In order to facilitate rapid recovery in disaster scenarios, SpinUp highly recommends setting up a backup solution for your environment. A backup solution allows you to rest easy, knowing your critical data is secure even in the event of Cloud Server failure. Continuing reading to learn SpinUp’s recommendations on backup strategy, as well as a few options for backup systems.
There are two primary schools of thought when it comes to backing up your environment. These are known as file-level backup and block-level backups. These both have pros and cons, but SpinUp does recommend a file-level backup for a variety of reasons. This article explains both options.
Regardless of which style of backup solution you employ, there are some universal recommendations you should follow. First, you should not store a finished backup on the same device that is being backed up. This is somewhat self-explanatory, because if there is an issue with the device, the backup may be affected or unavailable, which defeats its purpose. For this reason SpinUp recommends storing your backups on other devices.
Second, an untested backup should not be considered a true backup. For this reason, regardless of backup strategy, SpinUp recommends testing your backups in order to ensure their efficacy. No one wants to be stuck in a situation where the data has been lost on the originating device, only to find out the backup is also not viable to restore from. Testing your backups enables you to identify such situations before they happen and take appropriate action to avoid them.
A file-level backup is a backup solution that backs up individual files from the originating device. This solution has a few key advantages, which is why SpinUp recommends this style of backup strategy. File-level backup enables you to pick and choose the items to be backed up, which reduces the size of the backup and ensures that only what you need is backed up. This is an advantage when you need to minimize storage costs and space.
File-level backups are also more flexible than block-level. Because each file is backed up individually, they can be restored individually, as well. This means you can preform restores on specific files that may be affected by an issue, without having to roll the entire device back to a previous state. This can accelerate recovery times in the unfortunate case that a backup becomes necessary, as well as limit lost data or records.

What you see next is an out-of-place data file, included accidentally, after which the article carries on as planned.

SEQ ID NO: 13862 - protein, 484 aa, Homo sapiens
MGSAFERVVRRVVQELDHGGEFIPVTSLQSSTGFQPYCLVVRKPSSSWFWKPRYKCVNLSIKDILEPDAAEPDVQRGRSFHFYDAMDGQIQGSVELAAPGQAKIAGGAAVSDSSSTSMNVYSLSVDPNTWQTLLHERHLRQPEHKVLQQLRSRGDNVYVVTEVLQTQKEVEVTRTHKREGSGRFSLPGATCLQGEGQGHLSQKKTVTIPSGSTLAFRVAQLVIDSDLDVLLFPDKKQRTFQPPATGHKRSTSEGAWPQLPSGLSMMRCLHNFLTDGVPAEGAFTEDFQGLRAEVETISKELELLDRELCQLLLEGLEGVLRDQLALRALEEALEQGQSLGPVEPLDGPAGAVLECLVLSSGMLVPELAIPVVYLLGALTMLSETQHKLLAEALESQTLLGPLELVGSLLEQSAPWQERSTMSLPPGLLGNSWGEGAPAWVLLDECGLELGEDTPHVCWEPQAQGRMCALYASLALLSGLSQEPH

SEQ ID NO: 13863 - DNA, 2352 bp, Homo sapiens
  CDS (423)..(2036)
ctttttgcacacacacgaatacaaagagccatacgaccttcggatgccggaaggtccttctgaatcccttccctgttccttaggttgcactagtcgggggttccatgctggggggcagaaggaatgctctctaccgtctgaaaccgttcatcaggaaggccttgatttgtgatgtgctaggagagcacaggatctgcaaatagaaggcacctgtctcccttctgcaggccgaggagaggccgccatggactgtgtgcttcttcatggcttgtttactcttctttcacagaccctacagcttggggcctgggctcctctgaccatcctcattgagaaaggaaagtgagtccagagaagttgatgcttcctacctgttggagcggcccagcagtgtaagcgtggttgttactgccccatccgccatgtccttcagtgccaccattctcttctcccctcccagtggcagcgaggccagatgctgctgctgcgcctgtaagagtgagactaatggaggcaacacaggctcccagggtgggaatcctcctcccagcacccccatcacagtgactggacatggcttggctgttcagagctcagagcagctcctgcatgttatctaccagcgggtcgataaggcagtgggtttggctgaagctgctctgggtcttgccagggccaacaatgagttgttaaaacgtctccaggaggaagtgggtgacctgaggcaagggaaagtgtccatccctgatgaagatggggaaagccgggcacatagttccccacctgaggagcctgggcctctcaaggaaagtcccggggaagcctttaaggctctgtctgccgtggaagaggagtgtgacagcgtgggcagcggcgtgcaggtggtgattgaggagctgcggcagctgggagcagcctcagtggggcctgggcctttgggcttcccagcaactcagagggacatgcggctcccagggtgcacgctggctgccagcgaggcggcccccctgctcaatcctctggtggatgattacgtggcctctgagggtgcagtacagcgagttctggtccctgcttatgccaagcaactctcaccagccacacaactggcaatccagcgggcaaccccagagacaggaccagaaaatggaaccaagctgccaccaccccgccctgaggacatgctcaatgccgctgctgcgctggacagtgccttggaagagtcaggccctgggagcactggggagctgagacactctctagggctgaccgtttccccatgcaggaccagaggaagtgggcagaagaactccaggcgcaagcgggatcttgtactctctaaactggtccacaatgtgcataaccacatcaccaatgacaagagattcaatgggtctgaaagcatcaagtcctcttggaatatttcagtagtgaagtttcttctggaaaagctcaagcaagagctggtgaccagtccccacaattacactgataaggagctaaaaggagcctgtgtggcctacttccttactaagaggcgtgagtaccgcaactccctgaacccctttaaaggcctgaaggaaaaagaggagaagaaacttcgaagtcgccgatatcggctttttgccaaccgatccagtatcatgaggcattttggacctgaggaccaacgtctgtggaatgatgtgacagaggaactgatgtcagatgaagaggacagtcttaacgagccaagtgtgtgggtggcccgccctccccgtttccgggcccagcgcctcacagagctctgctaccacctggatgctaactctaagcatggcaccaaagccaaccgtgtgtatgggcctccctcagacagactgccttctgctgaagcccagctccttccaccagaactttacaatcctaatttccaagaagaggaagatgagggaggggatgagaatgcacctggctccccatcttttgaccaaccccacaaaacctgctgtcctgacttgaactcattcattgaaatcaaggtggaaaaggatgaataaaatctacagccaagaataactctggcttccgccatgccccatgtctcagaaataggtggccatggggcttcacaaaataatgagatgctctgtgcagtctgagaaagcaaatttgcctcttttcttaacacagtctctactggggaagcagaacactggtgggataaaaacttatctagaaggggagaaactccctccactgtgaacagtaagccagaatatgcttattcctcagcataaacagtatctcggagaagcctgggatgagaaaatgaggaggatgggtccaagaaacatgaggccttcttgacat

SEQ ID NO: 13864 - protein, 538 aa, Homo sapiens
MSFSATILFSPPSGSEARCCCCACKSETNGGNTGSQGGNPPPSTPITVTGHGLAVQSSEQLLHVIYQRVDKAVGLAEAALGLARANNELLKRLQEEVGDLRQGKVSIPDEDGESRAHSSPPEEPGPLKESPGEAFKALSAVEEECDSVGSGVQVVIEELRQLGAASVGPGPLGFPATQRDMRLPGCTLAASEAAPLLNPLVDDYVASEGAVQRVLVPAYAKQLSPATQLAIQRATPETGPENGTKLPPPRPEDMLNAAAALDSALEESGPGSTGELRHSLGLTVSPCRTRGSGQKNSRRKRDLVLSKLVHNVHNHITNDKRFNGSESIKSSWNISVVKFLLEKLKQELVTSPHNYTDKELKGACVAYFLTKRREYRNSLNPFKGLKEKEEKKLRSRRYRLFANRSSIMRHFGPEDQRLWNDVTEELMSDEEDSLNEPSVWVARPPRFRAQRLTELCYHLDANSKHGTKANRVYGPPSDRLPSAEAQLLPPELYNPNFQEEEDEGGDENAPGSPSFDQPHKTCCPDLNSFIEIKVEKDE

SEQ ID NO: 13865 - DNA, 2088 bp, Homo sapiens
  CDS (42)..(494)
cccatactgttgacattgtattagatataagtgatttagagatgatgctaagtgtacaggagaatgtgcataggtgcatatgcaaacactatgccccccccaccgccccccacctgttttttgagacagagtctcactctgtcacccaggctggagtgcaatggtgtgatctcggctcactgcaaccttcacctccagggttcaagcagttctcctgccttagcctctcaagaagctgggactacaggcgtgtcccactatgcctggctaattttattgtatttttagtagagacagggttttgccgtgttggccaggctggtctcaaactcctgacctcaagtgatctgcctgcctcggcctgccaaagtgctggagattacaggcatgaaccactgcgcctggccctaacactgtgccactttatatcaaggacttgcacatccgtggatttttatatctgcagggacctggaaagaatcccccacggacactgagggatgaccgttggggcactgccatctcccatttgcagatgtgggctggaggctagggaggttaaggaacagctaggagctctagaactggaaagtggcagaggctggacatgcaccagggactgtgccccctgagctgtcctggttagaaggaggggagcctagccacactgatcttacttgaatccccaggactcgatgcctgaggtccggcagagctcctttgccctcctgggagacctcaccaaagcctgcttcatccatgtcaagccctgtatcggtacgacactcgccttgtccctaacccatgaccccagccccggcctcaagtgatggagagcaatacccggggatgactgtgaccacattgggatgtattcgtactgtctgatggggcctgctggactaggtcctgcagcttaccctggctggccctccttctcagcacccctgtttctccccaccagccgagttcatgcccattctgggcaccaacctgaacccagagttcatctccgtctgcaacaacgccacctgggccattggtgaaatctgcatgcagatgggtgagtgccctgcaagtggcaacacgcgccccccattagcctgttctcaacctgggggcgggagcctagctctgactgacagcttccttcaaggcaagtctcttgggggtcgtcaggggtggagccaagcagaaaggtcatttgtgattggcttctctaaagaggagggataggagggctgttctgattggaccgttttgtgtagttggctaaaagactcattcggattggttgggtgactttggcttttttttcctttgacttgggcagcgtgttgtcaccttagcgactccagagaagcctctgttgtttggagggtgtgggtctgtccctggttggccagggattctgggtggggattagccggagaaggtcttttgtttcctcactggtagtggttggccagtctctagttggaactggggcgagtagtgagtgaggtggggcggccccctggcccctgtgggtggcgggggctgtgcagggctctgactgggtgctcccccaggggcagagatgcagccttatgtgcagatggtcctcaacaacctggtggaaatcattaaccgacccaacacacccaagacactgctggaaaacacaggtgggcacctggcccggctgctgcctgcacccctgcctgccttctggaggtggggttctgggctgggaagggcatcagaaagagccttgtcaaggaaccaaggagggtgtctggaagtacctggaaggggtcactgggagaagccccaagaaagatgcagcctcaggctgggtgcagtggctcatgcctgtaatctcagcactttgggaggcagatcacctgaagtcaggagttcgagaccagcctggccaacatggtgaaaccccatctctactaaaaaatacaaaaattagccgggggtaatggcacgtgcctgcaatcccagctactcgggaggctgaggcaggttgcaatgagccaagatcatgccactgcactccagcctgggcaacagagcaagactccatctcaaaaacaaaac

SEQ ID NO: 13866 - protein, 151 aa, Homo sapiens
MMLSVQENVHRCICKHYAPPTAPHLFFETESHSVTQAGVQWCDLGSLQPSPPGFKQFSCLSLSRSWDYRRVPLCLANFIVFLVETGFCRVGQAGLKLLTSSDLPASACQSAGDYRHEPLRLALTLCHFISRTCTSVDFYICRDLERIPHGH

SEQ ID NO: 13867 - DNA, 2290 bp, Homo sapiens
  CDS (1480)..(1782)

This flexibility also extends beyond selective backups and restores. Many file-level solutions allow you to configure different backup intervals for different files. This means you can backup critical and rapidly changing files often, ensuring minimal loss of data should a restore be needed, while simultaneously limiting the frequency and space taken up by less critical or less dynamic items.
Block-level backups can also be referred to as system-level backups. This style of backup makes a copy of the entire disk. This can make setup of the backup solution simpler as well as simplify the process of restoring, but comes with a few drawbacks.
The first is pretty self explanatory, which is that all files on the disk are part of the backup. This means that in the case of something like a virus, some other form of malware, or even something as benign as a configuration mistake are copied into the backup. Any restores done from that backup will also contain the problem. This is known as the all-or-nothing problem with block-level strategy. This also means that even if only a few files need to be restored, the entire server must be rolled back to the time the backup was taken.
The second drawback is that all-or-nothing also applies to the backup’s size. A block-level backup is a copy of the entire disk. This means the OS, applications, and all other files are along for the ride, which bloats the size of the backup. This can mean increased costs for storage, as well as longer times to perform backups or restore from them. This can mean longer downtime when you need to do a restore.
The all-or-nothing nature of block-level backups is why SpinUp recommends a file-level solution over a block-level solution. However, any backup strategy is better than none, and both methods can be used in tandem if desired.
Backup considerations for file-level solutions
When using a file-level solution, you need to know what you should and should not back up. The general mentality here should be to select files that are unique to your solution or environment and to not bother with generic files. This means backing up items such as your application or site content, configuration files, user generated content, and a dump from any applicable databases. It also means avoiding easily replaceable things like the OS, the applications themselves (such as Apache or MySQL), and system files. Following these recommendations minimizes the size of the backup, reduces storage costs and system overhead to perform backups, and speeds up restore time.
SpinUp recommends a couple of different file-level backups, which you can find links to below. If you want to use a block-level backup, you can use the snapshot system built into SpinUp Cloud Servers. However, we also recommend reading the following snapshot best practices before using this system.